Unlike most kids, who grew up watching cartoons, Caitlin Lawrence of Carmichaels watched the Weather Channel.
“Since childhood, I have always been fascinated by thunderstorms and tornadoes,” Lawrence said. “That’s one of the reasons why, in high school, I wanted to take a step forward and took the Advanced Earth Science course.”
The class enabled her to practice giving weather forecasts in front of a green screen, which instilled a passion.
“After taking the class, I knew this was the career for me because I loved it so much,” she said.
Years later, with a Bachelor of Science degree in Meteorology from California University of Pennsylvania, Lawrence is now a member of the American Meteorological Society (AMS). Through the organization she attended the 100th annual AMS conference in Boston from January 12 to 16.
Though only her second conference, the society chose her as one of only a few scientists from around the world to present a poster project, which focused on tornadic activity in Dixie Alley, during the Springs of 1983-2013.
At the conference, she also participated in oral and written interviews on her past, present and future weather endeavors, which were put on a flash drive and buried in a time capsule scheduled to be opened in 2070.
During this year’s conference, which drew 6,000 attendees at the Boston Convention and Exhibition Center, she attended weather-related classes like space and severe weather, and attended three tribute dinners for renowned scientists. Her parents, John and Susan Lawrence; her brother, Ben; and a friend from work, Rick Menkel, joined her for the final banquet in the Grand Ballroom.
Lawrence said she has been a proud member of the AMS and the National Weather Association (NWA) since 2006, her freshmen year of college.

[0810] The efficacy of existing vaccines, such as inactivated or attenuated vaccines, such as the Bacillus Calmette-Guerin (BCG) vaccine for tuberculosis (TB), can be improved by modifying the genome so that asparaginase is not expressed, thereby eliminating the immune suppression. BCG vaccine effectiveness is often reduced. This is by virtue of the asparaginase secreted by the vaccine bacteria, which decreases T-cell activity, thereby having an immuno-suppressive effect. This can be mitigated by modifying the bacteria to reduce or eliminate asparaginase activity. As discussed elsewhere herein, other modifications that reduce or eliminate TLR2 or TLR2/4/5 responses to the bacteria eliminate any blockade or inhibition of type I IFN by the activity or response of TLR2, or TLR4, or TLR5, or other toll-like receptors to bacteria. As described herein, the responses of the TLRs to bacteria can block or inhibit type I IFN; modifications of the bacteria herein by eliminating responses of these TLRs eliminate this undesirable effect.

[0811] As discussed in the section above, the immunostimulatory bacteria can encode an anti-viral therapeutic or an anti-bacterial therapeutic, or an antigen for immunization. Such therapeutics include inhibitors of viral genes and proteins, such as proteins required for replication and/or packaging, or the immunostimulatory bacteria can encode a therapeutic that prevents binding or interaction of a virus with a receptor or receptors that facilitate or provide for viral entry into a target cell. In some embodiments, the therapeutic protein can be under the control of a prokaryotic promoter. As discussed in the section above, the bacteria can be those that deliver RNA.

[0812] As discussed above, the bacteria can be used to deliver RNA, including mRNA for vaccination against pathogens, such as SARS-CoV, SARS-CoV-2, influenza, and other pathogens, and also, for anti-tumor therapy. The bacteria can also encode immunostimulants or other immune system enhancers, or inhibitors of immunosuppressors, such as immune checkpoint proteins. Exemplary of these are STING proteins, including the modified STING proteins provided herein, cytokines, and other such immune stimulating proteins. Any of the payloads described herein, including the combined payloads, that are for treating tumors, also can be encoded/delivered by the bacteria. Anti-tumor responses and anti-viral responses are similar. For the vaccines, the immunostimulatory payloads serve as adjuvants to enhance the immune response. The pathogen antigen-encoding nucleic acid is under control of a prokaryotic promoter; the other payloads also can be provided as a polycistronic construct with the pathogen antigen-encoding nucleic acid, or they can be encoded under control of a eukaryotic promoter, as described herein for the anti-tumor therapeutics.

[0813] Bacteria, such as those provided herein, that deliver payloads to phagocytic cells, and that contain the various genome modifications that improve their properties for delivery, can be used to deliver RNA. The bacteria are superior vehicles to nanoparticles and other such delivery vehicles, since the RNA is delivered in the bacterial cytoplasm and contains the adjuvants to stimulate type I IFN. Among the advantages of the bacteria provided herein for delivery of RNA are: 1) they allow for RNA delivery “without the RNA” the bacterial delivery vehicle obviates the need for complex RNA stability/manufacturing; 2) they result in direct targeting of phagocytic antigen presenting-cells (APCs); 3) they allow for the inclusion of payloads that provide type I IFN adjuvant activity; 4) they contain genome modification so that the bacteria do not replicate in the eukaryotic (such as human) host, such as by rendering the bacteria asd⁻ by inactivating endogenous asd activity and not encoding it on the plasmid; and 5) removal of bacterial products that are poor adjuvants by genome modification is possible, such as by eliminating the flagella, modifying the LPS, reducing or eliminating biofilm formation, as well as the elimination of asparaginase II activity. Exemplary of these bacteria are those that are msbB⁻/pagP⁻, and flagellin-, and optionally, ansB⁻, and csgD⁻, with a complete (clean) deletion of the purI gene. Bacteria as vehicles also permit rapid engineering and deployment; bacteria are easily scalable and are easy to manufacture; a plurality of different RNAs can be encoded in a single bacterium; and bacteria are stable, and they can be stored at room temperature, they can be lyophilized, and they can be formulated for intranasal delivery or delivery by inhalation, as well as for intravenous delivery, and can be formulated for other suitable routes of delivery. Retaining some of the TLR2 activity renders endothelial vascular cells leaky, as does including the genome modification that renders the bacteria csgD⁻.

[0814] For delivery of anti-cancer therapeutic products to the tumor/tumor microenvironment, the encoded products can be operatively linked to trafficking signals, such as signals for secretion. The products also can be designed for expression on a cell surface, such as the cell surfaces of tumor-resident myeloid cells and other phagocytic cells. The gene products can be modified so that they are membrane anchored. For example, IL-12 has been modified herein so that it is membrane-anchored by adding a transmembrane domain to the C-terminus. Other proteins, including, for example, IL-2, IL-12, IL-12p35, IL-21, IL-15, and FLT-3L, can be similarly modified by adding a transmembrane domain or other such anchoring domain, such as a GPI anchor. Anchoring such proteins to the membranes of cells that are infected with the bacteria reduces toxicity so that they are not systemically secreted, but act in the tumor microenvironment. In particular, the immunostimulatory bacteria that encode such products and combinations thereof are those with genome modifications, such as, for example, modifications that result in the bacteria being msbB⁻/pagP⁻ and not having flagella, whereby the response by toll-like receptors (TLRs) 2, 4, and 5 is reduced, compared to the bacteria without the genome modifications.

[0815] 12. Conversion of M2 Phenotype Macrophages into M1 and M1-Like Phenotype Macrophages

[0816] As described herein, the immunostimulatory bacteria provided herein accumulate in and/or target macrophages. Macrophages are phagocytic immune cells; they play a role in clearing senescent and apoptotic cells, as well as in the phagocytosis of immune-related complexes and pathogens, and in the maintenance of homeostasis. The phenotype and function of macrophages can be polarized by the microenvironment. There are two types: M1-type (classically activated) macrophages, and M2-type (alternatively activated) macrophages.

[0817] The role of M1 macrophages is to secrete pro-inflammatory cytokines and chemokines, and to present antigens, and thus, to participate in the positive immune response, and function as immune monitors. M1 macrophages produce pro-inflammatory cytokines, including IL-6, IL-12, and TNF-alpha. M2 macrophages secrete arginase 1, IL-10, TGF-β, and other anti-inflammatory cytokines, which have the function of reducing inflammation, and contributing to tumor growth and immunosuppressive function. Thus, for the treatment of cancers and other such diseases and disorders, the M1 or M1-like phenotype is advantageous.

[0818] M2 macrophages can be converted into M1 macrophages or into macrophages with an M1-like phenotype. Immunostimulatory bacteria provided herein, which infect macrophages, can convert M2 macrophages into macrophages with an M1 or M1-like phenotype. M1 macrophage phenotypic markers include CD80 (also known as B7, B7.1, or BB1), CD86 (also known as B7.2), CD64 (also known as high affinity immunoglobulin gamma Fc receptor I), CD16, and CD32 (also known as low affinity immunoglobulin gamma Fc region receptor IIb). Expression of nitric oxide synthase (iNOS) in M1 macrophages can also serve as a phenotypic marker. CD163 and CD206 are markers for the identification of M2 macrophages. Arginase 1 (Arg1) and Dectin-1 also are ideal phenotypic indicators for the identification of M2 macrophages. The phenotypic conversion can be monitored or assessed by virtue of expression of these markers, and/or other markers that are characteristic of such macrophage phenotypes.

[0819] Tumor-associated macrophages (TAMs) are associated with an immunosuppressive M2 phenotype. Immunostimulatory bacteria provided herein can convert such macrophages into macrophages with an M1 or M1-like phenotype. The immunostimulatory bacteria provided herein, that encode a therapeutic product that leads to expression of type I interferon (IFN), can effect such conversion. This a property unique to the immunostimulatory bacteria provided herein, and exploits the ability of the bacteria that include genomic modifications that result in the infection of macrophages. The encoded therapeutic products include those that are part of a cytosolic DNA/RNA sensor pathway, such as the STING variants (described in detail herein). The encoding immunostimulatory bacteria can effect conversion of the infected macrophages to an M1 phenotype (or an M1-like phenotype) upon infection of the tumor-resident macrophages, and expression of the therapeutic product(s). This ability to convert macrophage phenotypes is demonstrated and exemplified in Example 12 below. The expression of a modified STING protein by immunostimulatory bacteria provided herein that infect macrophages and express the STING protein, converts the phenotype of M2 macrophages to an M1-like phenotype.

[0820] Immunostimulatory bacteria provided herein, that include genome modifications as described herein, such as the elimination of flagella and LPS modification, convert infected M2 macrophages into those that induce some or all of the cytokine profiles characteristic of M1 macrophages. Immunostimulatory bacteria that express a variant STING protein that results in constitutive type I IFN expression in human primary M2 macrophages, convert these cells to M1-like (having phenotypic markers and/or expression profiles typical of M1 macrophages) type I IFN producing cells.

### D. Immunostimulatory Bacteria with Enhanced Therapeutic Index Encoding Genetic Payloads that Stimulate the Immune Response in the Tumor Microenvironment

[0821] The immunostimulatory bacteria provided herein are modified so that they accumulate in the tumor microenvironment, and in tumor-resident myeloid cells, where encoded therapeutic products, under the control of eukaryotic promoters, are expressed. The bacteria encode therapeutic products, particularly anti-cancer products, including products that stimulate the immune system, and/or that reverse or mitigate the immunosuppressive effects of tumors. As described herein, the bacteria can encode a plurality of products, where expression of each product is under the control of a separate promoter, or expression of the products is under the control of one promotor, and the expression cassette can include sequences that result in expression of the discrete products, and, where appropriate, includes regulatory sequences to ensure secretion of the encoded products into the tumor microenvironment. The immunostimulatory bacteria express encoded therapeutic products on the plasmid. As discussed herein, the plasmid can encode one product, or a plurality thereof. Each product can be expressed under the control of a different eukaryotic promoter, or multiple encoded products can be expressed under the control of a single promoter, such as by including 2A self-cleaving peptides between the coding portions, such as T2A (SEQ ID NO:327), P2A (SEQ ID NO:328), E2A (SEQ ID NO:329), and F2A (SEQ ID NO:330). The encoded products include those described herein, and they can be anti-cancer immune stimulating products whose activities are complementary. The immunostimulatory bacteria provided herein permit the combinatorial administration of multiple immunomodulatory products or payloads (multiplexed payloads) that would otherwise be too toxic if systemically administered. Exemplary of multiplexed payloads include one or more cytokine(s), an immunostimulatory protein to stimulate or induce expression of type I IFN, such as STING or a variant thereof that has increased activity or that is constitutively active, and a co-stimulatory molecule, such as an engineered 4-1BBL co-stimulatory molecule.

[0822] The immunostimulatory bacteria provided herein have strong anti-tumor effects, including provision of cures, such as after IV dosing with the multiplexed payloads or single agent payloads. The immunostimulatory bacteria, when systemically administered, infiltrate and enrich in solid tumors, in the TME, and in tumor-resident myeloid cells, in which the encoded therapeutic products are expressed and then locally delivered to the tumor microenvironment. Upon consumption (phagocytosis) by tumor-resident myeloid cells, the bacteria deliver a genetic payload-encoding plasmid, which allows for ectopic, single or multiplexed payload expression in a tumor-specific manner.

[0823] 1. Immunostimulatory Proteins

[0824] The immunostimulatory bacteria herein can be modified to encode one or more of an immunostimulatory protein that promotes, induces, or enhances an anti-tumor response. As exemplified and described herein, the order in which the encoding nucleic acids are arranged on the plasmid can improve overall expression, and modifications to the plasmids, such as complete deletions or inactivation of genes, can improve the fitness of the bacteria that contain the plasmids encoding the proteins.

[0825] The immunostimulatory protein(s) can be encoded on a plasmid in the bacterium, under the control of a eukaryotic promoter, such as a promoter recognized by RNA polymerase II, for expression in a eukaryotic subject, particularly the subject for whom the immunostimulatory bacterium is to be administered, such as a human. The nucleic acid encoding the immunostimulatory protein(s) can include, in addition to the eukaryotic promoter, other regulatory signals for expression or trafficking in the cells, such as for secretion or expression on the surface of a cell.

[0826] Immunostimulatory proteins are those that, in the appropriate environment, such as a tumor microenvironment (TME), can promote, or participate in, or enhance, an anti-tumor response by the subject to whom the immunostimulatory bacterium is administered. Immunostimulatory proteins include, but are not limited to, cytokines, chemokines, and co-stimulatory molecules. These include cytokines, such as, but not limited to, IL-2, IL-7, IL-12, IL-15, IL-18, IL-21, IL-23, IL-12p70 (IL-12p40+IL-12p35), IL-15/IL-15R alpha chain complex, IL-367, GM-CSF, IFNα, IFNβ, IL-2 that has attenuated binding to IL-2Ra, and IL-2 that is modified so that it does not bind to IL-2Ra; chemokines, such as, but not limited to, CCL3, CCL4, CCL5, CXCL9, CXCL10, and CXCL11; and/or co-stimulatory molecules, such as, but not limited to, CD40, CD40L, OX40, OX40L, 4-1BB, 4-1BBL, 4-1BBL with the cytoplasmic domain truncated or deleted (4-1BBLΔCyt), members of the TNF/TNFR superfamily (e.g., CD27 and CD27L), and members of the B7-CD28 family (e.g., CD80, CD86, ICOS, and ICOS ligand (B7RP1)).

In 2010, she attended her very first AMS conference, in Atlanta Georgia. There, she and Cal U were recognized as the AMS Southwest Chapter of the Year. Lawrence and her classmates participated in a tour with Nick Walker to see the Weather Channel, a highlight on her bucket list.
“Cal U has a lot to offer a meteorology student: things like storm chasing and weather conference opportunities,” she said. “It also has a very active meteorology club.”
Throughout college, Lawrence participated in different areas of meteorology and had two internships in broadcast meteorology: one at KDKA-TV and the other at WTAE-TV in Pittsburgh. She was also a radio meteorologist for 91.9 FM WCAL for four years.
She was chairmen of the educational outreach committee for the university’s meteorology club, in which her team visited 40 schools and presented programs to over 3000 students on weather safety and the significance of understanding daily weather activity. Through her endeavors and community service in the field, she earned the Student Ambassador Award.
For three years at Cal U, she stormchased across the country, going as far as the Great Plains and New Mexico. In her second year at Cal, she intercepted an EF1 and an EF2 tornado on the same day.
“It was one of my most memorable experiences,” she said.
Since graduating in May 2010, Lawrence has been forecasting weather conditions for La Grande, Oregon from her Carmichaels home. She also leads online discussions about weather conditions and forecasts the possibilities of avalanches, wild fires and ice storms at ski resorts.
Currently working for the HBC Service Company in Washington, where she builds pallets used to supply area Giant Eagle stores, Lawrence continues education outreach by going out to local organizations and schools, giving presentations on weather events and storm safety.
Still “living out her dream,” she said she storm chases every chance she gets, remains an active member of AMS and NWA. In her free time she continues her atmospheric research studies.
To read Lawrence’s oral narrative from the conference, Google “AMS Centennial Home.” Follow the first link then click of the Stories tab at the top right. To see her poster project, download the AMS100 app and type in poster #1154.